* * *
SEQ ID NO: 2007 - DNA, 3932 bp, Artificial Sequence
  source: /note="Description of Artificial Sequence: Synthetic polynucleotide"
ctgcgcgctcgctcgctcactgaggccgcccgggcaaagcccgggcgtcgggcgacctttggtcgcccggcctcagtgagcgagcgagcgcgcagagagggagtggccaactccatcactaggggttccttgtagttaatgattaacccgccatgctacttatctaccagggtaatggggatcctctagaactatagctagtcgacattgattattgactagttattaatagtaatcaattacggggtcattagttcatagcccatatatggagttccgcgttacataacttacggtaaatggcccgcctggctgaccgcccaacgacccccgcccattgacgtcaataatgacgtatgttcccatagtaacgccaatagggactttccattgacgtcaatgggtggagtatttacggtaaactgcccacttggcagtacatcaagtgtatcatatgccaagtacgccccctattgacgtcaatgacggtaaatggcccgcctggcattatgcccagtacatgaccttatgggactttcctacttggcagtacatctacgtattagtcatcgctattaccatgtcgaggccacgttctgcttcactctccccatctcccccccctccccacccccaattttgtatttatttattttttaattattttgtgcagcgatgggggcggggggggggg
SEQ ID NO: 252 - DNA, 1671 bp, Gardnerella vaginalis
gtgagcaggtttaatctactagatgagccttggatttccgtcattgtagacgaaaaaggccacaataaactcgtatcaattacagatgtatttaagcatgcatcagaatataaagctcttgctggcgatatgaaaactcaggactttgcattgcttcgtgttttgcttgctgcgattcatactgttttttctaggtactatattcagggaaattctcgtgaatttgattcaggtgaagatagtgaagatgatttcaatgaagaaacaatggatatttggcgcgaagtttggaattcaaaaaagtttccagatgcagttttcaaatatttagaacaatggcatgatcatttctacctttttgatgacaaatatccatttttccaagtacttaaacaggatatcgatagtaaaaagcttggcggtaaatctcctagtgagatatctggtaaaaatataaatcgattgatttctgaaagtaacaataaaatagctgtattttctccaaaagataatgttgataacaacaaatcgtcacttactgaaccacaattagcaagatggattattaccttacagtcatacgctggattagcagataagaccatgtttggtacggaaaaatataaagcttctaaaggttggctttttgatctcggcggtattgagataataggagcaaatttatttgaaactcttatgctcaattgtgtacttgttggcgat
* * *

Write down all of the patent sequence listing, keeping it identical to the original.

SEQ ID NO: 2007 - DNA, 3932 bp, Artificial Sequence
  source: /note="Description of Artificial Sequence: Synthetic polynucleotide"
ctgcgcgctcgctcgctcactgaggccgcccgggcaaagcccgggcgtcgggcgacctttggtcgcccggcctcagtgagcgagcgagcgcgcagagagggagtggccaactccatcactaggggttccttgtagttaatgattaacccgccatgctacttatctaccagggtaatggggatcctctagaactatagctagtcgacattgattattgactagttattaatagtaatcaattacggggtcattagttcatagcccatatatggagttccgcgttacataacttacggtaaatggcccgcctggctgaccgcccaacgacccccgcccattgacgtcaataatgacgtatgttcccatagtaacgccaatagggactttccattgacgtcaatgggtggagtatttacggtaaactgcccacttggcagtacatcaagtgtatcatatgccaagtacgccccctattgacgtcaatgacggtaaatggcccgcctggcattatgcccagtacatgaccttatgggactttcctacttggcagtacatctacgtattagtcatcgctattaccatgtcgaggccacgttctgcttcactctccccatctcccccccctccccacccccaattttgtatttatttattttttaattattttgtgcagcgatgggggcggggggggggg
SEQ ID NO: 252 - DNA, 1671 bp, Gardnerella vaginalis
gtgagcaggtttaatctactagatgagccttggatttccgtcattgtagacgaaaaaggccacaataaactcgtatcaattacagatgtatttaagcatgcatcagaatataaagctcttgctggcgatatgaaaactcaggactttgcattgcttcgtgttttgcttgctgcgattcatactgttttttctaggtactatattcagggaaattctcgtgaatttgattcaggtgaagatagtgaagatgatttcaatgaagaaacaatggatatttggcgcgaagtttggaattcaaaaaagtttccagatgcagttttcaaatatttagaacaatggcatgatcatttctacctttttgatgacaaatatccatttttccaagtacttaaacaggatatcgatagtaaaaagcttggcggtaaatctcctagtgagatatctggtaaaaatataaatcgattgatttctgaaagtaacaataaaatagctgtattttctccaaaagataatgttgataacaacaaatcgtcacttactgaaccacaattagcaagatggattattaccttacagtcatacgctggattagcagataagaccatgtttggtacggaaaaatataaagcttctaaaggttggctttttgatctcggcggtattgagataataggagcaaatttatttgaaactcttatgctcaattgtgtacttgttggcgat